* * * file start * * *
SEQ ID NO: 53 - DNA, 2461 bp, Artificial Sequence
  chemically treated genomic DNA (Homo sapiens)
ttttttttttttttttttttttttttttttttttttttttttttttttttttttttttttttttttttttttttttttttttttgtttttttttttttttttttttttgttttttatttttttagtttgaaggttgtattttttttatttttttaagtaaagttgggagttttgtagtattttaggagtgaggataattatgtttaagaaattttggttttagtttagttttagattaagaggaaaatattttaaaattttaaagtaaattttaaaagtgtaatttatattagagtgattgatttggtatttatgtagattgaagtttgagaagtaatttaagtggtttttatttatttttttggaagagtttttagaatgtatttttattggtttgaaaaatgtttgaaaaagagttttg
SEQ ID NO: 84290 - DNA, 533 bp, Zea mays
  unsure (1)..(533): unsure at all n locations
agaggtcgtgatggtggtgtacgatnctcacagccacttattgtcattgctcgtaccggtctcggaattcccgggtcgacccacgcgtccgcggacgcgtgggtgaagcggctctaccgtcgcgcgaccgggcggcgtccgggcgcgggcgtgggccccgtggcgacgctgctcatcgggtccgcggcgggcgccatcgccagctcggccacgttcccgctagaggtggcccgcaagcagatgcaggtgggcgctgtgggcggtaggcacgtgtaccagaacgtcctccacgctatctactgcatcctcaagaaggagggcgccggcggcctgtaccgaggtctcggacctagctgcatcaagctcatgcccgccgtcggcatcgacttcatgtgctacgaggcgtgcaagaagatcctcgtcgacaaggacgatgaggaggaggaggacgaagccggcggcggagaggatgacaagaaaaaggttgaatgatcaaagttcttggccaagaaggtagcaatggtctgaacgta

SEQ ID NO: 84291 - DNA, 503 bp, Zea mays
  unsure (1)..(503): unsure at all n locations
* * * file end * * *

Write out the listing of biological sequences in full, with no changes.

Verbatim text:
SEQ ID NO: 53 - DNA, 2461 bp, Artificial Sequence
  chemically treated genomic DNA (Homo sapiens)
ttttttttttttttttttttttttttttttttttttttttttttttttttttttttttttttttttttttttttttttttttttgtttttttttttttttttttttttgttttttatttttttagtttgaaggttgtattttttttatttttttaagtaaagttgggagttttgtagtattttaggagtgaggataattatgtttaagaaattttggttttagtttagttttagattaagaggaaaatattttaaaattttaaagtaaattttaaaagtgtaatttatattagagtgattgatttggtatttatgtagattgaagtttgagaagtaatttaagtggtttttatttatttttttggaagagtttttagaatgtatttttattggtttgaaaaatgtttgaaaaagagttttg
SEQ ID NO: 84290 - DNA, 533 bp, Zea mays
  unsure (1)..(533): unsure at all n locations
agaggtcgtgatggtggtgtacgatnctcacagccacttattgtcattgctcgtaccggtctcggaattcccgggtcgacccacgcgtccgcggacgcgtgggtgaagcggctctaccgtcgcgcgaccgggcggcgtccgggcgcgggcgtgggccccgtggcgacgctgctcatcgggtccgcggcgggcgccatcgccagctcggccacgttcccgctagaggtggcccgcaagcagatgcaggtgggcgctgtgggcggtaggcacgtgtaccagaacgtcctccacgctatctactgcatcctcaagaaggagggcgccggcggcctgtaccgaggtctcggacctagctgcatcaagctcatgcccgccgtcggcatcgacttcatgtgctacgaggcgtgcaagaagatcctcgtcgacaaggacgatgaggaggaggaggacgaagccggcggcggagaggatgacaagaaaaaggttgaatgatcaaagttcttggccaagaaggtagcaatggtctgaacgta

SEQ ID NO: 84291 - DNA, 503 bp, Zea mays
  unsure (1)..(503): unsure at all n locations